Looking forward to all the new toys coming out this year.

Popeye206
Jun 8, 2011, 12:21 PM
Do the chips in Macbook Airs also count in this? Since they are somekind of flash?

You're talking about the storage... Silicon is the chip or processors. This is what they are referring to.

cvaldes
Jun 8, 2011, 12:39 PM
You're talking about the storage... Silicon is the chip or processors. This is what they are referring to.
The MacBook Air uses NAND flash memory -- a silicon semiconductor -- for storage, just like the iPhone, iPad, iPods (except classic), and Apple TV.

rockinrocker
Jun 8, 2011, 12:59 PM
So all flash memory counts as a semiconductor?

Processors too?

franswa za
Jun 8, 2011, 01:01 PM
headline post

i serially smell jim jones kool-aid

SSSD

Woozman04
Jun 8, 2011, 01:10 PM
So according to this chart Apple has already bought $5billion more on semiconductors halfway through 2011 than it had through all of 2010? Something fishy here

Piggie
Jun 8, 2011, 01:10 PM
Is this just because apart from a pretty case and the OS Apple don't make anything?

So Samsung could bring out there own device and have an almost zero purchase cost as they would make most of the internals themselves.

Kind of makes this buying list a bit pointless.
Would think it would be much better to make your own product and not have to buy it all in from others.

Popeye206
Jun 8, 2011, 01:18 PM
Is this just because apart from a pretty case and the OS Apple don't make anything?

So Samsung could bring our there own device and have an almost zero purchase cost as they would make most of the internals themselves.

Kid of makes this buying list a bit pointless.
Would think it would be much better to make your own product and not have to buy it all in from others.

Yeah... only the Design and the OS make the Apple products different. Simple things.

Samsung does do their own... and they too buy parts from others. Chip and parts manufacturing is very specialized and no one makes it all. It's just not feasible given the number of parts and specialized areas.

But the two things you mention... design and OS... those are no small chunks of cheese. Obviously it's not that simple.

Popeye206
Jun 8, 2011, 01:21 PM
The MacBook Air uses NAND flash memory -- a silicon semiconductor -- for storage, just like the iPhone, iPad, iPods (except classic), and Apple TV.

I'm dig'n what you're saying now.... :) It was a little confusing. I assumed just processors, but they are counting NAND memory too.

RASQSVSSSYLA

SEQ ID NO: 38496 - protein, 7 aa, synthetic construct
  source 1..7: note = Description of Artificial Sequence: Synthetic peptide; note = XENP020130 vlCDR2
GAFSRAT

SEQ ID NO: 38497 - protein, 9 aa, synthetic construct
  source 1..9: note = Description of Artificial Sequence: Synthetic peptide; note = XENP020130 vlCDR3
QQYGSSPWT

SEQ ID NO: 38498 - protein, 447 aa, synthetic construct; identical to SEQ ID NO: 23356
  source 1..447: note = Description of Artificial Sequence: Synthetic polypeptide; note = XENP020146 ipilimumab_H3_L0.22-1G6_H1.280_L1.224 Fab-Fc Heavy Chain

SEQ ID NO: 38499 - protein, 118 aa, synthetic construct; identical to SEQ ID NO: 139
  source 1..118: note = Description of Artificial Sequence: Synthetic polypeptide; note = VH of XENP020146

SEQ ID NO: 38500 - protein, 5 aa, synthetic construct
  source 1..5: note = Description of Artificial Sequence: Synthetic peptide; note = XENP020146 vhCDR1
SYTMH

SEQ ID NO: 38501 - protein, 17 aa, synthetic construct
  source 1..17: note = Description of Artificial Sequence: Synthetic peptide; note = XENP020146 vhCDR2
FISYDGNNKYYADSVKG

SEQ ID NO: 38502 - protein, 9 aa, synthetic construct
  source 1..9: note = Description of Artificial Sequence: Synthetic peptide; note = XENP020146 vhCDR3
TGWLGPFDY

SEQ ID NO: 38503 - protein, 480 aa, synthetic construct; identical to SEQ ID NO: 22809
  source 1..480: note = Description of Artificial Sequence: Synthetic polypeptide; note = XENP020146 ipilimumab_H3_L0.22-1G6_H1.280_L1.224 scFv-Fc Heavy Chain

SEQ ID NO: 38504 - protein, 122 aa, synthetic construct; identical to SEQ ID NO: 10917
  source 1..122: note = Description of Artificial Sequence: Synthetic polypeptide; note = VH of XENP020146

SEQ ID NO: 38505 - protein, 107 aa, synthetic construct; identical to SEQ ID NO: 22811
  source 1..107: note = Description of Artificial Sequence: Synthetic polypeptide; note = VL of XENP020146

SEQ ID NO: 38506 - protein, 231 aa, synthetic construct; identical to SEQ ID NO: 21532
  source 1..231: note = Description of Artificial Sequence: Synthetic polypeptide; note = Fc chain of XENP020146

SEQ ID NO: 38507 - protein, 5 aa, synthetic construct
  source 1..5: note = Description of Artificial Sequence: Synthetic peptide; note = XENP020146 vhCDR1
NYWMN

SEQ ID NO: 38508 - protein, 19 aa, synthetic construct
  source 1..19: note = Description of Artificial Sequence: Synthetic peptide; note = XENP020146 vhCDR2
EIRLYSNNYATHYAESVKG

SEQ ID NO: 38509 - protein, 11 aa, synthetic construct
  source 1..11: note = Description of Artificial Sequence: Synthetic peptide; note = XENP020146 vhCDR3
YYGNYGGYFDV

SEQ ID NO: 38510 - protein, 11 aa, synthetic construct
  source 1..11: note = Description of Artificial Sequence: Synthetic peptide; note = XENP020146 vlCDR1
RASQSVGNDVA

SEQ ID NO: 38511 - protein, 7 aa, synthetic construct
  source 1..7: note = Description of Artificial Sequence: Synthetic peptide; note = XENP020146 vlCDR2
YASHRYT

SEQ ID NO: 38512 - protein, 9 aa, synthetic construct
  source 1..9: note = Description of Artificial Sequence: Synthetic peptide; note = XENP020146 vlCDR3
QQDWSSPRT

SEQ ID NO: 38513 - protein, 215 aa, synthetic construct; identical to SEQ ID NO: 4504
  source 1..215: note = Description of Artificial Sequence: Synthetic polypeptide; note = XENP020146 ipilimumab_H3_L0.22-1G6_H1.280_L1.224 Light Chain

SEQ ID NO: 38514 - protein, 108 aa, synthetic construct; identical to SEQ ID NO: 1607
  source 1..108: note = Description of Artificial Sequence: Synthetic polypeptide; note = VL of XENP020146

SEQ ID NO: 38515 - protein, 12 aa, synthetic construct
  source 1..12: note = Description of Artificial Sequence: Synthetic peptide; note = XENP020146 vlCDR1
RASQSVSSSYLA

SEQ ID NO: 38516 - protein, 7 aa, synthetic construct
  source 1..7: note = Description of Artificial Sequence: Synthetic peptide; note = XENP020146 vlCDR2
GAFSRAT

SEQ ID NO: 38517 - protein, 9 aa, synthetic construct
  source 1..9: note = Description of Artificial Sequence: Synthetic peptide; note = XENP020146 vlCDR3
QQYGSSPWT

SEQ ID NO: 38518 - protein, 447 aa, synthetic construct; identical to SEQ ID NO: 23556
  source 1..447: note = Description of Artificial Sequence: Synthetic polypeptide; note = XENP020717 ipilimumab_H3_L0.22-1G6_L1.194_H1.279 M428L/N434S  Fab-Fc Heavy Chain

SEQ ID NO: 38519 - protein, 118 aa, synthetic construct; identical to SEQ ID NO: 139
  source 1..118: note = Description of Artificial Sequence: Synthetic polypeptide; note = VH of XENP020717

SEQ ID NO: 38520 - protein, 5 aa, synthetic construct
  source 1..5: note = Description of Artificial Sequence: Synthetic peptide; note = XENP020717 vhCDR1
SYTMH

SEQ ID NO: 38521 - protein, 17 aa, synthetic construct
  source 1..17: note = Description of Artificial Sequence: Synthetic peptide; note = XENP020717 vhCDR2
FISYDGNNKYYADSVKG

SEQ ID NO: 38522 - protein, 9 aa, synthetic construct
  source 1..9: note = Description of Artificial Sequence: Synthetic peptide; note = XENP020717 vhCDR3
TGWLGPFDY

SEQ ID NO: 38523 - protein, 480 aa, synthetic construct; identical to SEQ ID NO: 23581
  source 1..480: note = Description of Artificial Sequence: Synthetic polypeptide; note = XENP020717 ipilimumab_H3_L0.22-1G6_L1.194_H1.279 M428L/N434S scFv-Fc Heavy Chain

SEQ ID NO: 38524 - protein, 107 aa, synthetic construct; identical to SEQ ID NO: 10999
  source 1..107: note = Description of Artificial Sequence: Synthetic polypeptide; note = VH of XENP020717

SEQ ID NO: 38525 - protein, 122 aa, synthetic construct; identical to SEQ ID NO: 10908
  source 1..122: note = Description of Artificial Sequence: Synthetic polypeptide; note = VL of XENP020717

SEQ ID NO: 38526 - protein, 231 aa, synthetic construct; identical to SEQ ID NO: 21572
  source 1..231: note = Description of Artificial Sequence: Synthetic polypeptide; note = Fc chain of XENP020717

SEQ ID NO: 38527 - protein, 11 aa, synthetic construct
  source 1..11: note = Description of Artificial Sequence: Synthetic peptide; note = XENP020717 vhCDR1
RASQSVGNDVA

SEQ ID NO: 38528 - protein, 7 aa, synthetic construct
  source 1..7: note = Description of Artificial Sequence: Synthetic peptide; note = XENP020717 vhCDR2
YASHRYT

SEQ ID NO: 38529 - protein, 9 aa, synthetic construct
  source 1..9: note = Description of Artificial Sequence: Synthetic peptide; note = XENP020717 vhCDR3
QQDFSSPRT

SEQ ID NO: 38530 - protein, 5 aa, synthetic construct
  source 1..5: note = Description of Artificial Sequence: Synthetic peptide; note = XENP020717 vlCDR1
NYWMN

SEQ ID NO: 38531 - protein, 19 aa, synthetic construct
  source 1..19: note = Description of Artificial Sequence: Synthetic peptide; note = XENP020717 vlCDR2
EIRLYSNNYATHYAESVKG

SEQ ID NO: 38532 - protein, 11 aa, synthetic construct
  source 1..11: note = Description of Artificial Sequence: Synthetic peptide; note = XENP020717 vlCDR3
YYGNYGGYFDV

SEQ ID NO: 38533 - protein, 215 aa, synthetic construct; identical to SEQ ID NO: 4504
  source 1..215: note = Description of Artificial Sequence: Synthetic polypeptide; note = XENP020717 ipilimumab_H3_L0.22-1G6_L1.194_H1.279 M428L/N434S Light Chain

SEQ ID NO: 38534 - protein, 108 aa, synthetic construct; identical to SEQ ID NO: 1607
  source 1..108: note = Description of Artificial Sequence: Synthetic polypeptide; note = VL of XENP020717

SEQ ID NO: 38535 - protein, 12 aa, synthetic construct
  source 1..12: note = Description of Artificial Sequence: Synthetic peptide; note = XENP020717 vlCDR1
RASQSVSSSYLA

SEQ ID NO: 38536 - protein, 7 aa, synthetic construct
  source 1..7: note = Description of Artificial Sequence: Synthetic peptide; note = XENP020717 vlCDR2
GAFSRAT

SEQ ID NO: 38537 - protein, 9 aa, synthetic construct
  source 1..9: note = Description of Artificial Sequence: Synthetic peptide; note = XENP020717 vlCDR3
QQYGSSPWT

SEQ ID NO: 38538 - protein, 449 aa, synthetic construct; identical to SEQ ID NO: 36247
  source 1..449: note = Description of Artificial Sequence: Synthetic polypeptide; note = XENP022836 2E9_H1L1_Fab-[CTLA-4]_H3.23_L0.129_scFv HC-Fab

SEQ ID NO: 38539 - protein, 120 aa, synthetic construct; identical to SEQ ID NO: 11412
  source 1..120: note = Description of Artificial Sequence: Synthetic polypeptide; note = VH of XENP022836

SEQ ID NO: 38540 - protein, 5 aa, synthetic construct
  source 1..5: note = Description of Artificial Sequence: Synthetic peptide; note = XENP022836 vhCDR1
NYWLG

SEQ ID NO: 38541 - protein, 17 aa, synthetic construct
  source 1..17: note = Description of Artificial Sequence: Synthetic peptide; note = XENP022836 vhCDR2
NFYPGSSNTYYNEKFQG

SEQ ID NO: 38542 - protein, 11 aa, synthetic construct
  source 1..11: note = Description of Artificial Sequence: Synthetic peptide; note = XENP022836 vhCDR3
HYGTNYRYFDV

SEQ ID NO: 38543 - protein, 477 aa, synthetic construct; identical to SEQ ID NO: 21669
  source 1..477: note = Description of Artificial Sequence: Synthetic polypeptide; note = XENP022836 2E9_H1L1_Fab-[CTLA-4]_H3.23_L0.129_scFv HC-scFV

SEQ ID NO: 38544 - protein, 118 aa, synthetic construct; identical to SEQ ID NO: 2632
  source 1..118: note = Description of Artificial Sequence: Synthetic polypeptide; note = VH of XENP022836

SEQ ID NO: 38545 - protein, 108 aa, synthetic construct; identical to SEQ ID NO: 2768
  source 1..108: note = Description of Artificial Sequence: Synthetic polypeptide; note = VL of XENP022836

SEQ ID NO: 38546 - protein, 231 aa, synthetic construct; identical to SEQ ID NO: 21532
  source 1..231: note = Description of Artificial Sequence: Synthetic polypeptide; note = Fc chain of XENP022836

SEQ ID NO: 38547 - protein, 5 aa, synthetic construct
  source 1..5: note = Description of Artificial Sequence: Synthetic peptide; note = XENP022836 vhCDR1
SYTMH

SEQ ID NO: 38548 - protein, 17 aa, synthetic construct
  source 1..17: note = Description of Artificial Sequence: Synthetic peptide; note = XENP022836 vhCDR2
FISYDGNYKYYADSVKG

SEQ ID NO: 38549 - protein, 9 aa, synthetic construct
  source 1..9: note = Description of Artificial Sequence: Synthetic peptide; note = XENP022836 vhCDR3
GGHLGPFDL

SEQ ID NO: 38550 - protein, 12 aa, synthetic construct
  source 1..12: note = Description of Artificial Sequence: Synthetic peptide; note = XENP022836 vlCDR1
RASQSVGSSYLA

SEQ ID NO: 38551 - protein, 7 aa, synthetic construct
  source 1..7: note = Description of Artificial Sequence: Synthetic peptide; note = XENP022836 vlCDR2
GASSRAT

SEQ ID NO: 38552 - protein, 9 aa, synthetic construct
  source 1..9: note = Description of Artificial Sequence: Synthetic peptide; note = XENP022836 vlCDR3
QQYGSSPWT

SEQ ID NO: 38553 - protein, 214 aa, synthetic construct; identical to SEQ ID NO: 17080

Popeye206
Jun 8, 2011, 01:22 PM
So according to this chart Apple has already bought $5billion more on semiconductors halfway through 2011 than it had through all of 2010? Something fishy here

No... ipad and iPhone sales are very strong. Plus Mac sales continue to grow... so Apple is buying way more than it has in the past.

NebulaClash
Jun 8, 2011, 01:26 PM
So according to this chart Apple has already bought $5billion more on semiconductors halfway through 2011 than it had through all of 2010? Something fishy here

No, the linked article says that the 2011 numbers are what they expect to see happen. It's an estimate at this stage, but it represents a full year and is thus a valid comparison to previous years.

cvaldes
Jun 8, 2011, 01:35 PM
So all flash memory counts as a semiconductor?

Processors too?
Yes.

They are all silicon wafers manufactured as semiconductors to contain many transistors.

Didn't you guys take physics in high school?

Woozman04
Jun 8, 2011, 01:42 PM
No, the linked article says that the 2011 numbers are what they expect to see happen. It's an estimate at this stage, but it represents a full year and is thus a valid comparison to previous years.
Ok. 2011 numbers are projected for full year. That makes much more sense.

No... ipad and iPhone sales are very strong. Plus Mac sales continue to grow... so Apple is buying way more than it has in the past.

Not so much see above.

gnasher729
Jun 8, 2011, 01:45 PM
So Samsung could bring out there own device and have an almost zero purchase cost as they would make most of the internals themselves.

No, they wouldn't have "almost zero" purchase cost. Creating silicon isn't cheap. There are immense investments to be made, and the production is definitely not free either. If Apple and Samsung use the same Samsung chip, then Samsung's cost is probably more than 95% of Apple's cost. If Samsung tried to charge Apple $100 for something that costs $90 to produce, then Toshiba would offer the same item for $95 and Apple would buy that.

paul4339
Jun 8, 2011, 02:05 PM
No, they wouldn't have "almost zero" purchase cost. Creating silicon isn't cheap. There are immense investments to be made, and the production is definitely not free either. If Apple and Samsung use the same Samsung chip, then Samsung's cost is probably more than 95% of Apple's cost. If Samsung tried to charge Apple $100 for something that costs $90 to produce, then Toshiba would offer the same item for $95 and Apple would buy that.

yes... it's a high volume, low margin business. If it's a commodity good or service typically you have to get as many orders as you can, and control costs like crazy. You may have to bring in $50 billion in orders, just to make $1-2 billion and one mistake will cost you all your profits... that's why often they locate in areas like Taiwan, where the costs are a bit lower but the service quality is still quite high.

Thunderhawks
Jun 8, 2011, 02:30 PM
Obvious questions: 1. What counts as "semiconductor"?

Everything that conducts a quarter more than a quarter conductor or 50% less than a full conductor.

It is also important whether the conductor is for an orchestra or a train.

Some conductors won't let anything through without a ticket, which makes them a non- conductor.

I just can't get excited about anything iSupply reports. Especially when it's incomplete.

They usually mention that the average price is only 12 cents give or take 2 cts.

BornAgainMac
Jun 8, 2011, 03:13 PM
I bet I am on that list somewhere in the consumer space.

caspersoong
Jun 11, 2011, 09:22 AM
Yet Apple refuses to reduce the prices on their devices with flash memory.

AppleScruff1
Jun 11, 2011, 10:30 AM
This is so exciting!!! I can't wait to tell everyone who owns HP and Samsung products. They will be absolutely crushed!! I won't be surprised if Apple is soon challenging the US government for the amount of paper clips and pens being purchased. This is just another example of Apple's world dominance.